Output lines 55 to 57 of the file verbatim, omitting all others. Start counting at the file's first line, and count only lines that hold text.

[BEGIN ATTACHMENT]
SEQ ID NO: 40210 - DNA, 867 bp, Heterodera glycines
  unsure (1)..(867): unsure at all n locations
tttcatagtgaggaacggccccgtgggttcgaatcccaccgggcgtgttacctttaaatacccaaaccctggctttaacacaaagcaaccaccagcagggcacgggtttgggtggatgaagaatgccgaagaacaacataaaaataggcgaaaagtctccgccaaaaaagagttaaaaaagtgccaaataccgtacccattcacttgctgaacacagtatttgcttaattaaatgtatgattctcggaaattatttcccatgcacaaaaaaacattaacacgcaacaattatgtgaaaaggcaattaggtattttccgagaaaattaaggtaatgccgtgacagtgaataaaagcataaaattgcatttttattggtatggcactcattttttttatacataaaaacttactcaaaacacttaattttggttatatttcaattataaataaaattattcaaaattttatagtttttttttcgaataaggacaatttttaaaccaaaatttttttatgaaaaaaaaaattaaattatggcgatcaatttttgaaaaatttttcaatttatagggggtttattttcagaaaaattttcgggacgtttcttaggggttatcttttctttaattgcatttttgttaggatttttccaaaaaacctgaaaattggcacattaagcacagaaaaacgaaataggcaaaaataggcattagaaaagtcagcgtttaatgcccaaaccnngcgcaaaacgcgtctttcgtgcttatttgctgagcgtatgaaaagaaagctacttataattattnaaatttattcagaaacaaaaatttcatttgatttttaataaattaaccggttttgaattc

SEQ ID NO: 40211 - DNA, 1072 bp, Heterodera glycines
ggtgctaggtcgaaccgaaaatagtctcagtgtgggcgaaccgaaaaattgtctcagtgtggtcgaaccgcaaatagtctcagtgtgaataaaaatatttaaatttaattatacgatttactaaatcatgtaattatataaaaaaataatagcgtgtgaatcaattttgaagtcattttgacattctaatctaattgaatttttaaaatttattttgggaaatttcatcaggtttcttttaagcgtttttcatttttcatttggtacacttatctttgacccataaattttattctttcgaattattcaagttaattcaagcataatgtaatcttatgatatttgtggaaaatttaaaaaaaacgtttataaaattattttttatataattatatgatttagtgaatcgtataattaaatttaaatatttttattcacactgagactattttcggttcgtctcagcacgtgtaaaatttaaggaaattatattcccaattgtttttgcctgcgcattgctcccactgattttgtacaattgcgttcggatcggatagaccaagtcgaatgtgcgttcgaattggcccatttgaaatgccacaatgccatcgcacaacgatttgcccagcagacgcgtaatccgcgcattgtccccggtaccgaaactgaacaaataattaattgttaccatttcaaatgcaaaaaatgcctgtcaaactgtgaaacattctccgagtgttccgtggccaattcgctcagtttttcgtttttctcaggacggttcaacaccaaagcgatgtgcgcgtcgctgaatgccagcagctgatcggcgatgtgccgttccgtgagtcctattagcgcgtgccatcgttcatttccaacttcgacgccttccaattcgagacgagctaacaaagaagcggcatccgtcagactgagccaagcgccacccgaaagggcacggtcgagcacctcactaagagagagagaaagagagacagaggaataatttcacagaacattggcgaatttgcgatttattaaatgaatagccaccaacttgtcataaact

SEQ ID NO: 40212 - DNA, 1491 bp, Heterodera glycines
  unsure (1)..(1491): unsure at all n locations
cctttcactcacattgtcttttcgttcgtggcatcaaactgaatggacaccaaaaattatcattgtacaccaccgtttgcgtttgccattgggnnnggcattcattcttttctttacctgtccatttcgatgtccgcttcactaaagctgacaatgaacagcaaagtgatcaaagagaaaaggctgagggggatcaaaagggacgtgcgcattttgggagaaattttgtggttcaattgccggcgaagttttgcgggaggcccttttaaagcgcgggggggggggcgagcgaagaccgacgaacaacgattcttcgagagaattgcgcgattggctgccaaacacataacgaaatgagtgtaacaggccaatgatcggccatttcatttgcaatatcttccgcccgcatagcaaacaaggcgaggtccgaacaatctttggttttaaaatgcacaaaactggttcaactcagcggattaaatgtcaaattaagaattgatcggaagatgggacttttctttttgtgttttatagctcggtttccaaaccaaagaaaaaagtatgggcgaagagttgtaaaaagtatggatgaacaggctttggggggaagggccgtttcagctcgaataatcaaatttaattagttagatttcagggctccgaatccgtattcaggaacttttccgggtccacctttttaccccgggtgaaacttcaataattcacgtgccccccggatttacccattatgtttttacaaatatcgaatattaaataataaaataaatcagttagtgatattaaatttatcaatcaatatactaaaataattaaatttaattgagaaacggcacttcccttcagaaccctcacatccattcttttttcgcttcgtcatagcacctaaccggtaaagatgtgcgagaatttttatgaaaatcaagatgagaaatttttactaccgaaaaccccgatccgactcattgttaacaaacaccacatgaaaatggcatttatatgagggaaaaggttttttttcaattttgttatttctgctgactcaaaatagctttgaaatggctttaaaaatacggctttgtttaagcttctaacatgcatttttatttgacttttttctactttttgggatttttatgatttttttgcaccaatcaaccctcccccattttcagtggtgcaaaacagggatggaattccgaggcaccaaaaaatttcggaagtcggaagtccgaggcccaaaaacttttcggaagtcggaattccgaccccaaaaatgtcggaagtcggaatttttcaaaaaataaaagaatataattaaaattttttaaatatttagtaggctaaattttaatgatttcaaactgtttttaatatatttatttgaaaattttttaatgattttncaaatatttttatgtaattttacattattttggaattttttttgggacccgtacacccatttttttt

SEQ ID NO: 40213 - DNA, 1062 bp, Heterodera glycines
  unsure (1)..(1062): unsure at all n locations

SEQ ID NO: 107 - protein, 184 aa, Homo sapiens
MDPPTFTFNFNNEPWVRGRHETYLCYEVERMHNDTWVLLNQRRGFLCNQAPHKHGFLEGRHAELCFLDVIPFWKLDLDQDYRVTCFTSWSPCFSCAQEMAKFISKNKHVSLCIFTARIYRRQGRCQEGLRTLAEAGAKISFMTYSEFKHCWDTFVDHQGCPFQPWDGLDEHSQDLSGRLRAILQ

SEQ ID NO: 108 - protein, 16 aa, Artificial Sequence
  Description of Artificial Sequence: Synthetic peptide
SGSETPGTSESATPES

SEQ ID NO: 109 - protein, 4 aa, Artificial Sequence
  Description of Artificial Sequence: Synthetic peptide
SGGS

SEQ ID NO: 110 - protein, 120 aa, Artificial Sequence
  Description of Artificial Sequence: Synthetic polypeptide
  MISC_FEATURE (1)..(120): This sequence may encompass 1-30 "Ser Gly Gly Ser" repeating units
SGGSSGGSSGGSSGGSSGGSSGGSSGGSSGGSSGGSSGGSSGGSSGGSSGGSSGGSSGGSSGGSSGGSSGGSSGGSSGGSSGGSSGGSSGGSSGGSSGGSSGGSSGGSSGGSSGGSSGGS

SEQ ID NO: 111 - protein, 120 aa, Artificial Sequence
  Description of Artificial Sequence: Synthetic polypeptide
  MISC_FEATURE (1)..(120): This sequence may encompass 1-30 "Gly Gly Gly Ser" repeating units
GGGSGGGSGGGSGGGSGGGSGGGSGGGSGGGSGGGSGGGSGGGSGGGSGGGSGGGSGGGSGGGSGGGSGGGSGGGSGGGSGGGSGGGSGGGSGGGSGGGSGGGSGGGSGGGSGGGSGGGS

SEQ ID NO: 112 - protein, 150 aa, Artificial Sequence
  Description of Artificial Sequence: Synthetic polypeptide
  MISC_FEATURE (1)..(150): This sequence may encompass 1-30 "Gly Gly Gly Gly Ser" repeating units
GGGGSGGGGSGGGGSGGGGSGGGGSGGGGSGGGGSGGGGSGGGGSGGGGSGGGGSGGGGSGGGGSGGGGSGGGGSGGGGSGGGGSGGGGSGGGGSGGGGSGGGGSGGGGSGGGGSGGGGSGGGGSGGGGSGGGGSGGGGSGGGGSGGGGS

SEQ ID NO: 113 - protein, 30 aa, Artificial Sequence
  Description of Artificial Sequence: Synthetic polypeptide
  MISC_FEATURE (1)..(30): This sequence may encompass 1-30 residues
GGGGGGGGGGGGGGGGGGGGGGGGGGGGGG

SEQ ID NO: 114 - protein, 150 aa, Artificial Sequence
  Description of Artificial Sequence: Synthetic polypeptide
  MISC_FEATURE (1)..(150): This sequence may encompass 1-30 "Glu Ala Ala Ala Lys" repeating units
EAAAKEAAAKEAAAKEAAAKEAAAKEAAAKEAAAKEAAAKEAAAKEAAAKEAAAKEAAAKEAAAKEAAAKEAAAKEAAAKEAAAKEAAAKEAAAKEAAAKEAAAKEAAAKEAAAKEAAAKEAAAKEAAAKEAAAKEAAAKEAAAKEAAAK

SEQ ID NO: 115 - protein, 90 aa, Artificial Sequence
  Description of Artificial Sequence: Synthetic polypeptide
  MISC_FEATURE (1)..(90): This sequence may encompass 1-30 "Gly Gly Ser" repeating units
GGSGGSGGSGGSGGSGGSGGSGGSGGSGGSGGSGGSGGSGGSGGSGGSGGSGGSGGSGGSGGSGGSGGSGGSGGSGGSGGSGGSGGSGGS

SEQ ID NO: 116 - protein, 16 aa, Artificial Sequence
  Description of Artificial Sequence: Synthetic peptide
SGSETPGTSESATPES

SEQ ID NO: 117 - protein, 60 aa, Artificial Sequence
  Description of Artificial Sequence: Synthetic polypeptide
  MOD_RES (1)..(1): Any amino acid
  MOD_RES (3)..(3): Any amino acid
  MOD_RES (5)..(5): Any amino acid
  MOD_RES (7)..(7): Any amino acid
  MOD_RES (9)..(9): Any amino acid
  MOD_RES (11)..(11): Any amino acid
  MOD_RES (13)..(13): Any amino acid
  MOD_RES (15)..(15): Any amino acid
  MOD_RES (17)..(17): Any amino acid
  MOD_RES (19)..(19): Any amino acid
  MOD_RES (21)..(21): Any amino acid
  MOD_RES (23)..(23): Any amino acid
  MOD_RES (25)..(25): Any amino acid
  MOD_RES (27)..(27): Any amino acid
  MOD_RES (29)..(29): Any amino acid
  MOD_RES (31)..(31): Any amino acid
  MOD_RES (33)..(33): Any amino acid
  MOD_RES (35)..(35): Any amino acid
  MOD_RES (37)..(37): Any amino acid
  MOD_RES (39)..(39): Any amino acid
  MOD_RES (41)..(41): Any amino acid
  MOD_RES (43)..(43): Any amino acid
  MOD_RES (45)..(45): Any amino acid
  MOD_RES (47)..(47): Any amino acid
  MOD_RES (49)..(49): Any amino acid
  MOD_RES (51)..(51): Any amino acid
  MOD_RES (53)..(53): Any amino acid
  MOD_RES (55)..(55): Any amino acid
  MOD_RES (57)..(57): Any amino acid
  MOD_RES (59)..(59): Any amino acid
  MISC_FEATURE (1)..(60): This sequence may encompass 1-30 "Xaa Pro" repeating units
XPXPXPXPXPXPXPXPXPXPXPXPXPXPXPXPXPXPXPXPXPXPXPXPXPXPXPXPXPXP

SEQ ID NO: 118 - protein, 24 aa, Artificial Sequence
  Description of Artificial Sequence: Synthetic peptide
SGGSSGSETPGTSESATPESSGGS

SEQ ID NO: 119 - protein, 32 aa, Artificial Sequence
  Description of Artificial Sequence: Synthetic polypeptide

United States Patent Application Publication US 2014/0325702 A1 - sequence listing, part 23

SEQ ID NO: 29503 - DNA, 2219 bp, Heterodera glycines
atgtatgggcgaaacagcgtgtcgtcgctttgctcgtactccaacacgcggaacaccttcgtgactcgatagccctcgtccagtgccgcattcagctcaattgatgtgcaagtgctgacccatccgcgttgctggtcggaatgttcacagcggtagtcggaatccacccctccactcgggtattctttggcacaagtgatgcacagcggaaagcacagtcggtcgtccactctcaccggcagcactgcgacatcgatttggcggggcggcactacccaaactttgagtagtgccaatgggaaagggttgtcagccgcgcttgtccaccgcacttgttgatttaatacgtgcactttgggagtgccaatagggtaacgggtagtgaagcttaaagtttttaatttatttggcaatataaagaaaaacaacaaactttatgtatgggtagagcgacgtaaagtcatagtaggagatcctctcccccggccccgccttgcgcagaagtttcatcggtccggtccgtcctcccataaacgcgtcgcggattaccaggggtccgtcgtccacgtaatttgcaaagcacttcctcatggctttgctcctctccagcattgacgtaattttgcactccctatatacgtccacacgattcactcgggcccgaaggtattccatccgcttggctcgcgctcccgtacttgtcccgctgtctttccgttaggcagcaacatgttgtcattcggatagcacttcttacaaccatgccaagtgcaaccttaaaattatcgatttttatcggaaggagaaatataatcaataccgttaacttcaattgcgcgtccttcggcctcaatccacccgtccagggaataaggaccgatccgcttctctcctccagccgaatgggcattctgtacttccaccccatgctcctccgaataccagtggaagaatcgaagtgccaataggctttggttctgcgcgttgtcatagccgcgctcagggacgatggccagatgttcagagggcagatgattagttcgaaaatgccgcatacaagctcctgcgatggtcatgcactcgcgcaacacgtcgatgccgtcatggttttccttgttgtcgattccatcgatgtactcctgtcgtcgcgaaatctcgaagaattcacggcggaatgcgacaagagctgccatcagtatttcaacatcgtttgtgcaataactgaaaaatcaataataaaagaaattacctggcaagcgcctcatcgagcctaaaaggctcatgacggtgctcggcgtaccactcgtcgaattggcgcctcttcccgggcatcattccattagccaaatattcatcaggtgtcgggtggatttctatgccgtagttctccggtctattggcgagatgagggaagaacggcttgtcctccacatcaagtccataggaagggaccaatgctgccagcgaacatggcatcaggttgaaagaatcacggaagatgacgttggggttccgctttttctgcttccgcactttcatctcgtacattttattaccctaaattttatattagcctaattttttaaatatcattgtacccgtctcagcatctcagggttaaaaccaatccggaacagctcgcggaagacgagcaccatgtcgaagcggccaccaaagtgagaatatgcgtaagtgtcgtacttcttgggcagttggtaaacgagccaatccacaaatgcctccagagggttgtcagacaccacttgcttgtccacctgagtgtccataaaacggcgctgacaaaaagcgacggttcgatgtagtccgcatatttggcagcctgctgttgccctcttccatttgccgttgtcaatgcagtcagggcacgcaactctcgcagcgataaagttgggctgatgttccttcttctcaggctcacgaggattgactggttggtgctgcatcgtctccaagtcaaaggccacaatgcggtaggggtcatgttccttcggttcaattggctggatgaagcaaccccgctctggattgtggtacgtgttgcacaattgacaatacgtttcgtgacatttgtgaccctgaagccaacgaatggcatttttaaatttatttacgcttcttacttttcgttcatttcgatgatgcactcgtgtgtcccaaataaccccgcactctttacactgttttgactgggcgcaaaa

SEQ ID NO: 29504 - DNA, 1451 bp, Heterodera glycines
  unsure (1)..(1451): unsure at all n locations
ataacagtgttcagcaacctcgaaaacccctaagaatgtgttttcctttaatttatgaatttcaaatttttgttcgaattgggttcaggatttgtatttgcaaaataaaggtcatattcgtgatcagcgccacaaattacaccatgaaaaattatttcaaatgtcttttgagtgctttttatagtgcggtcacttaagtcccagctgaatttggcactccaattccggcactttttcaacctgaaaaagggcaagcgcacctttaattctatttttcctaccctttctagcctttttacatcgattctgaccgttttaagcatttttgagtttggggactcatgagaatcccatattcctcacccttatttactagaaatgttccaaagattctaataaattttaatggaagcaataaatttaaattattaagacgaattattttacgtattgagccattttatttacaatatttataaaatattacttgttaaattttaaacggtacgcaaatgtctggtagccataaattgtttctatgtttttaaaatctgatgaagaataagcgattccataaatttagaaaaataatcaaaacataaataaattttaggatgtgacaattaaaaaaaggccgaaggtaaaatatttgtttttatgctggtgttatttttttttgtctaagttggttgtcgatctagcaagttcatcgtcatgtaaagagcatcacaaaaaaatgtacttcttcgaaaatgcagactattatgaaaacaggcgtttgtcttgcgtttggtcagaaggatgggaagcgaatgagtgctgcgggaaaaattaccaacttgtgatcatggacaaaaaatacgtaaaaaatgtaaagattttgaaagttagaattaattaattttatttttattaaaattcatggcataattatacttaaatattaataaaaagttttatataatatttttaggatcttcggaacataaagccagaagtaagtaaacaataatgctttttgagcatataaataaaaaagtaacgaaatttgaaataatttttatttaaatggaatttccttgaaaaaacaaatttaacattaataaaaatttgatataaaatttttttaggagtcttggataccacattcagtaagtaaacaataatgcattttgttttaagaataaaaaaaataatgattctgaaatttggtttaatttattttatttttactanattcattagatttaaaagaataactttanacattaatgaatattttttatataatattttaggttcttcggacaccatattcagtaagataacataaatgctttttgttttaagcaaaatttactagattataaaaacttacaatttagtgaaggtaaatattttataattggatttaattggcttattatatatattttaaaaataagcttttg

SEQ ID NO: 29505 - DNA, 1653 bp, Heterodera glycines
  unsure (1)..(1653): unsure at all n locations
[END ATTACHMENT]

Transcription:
  MOD_RES (15)..(15): Any amino acid
  MOD_RES (17)..(17): Any amino acid
  MOD_RES (19)..(19): Any amino acid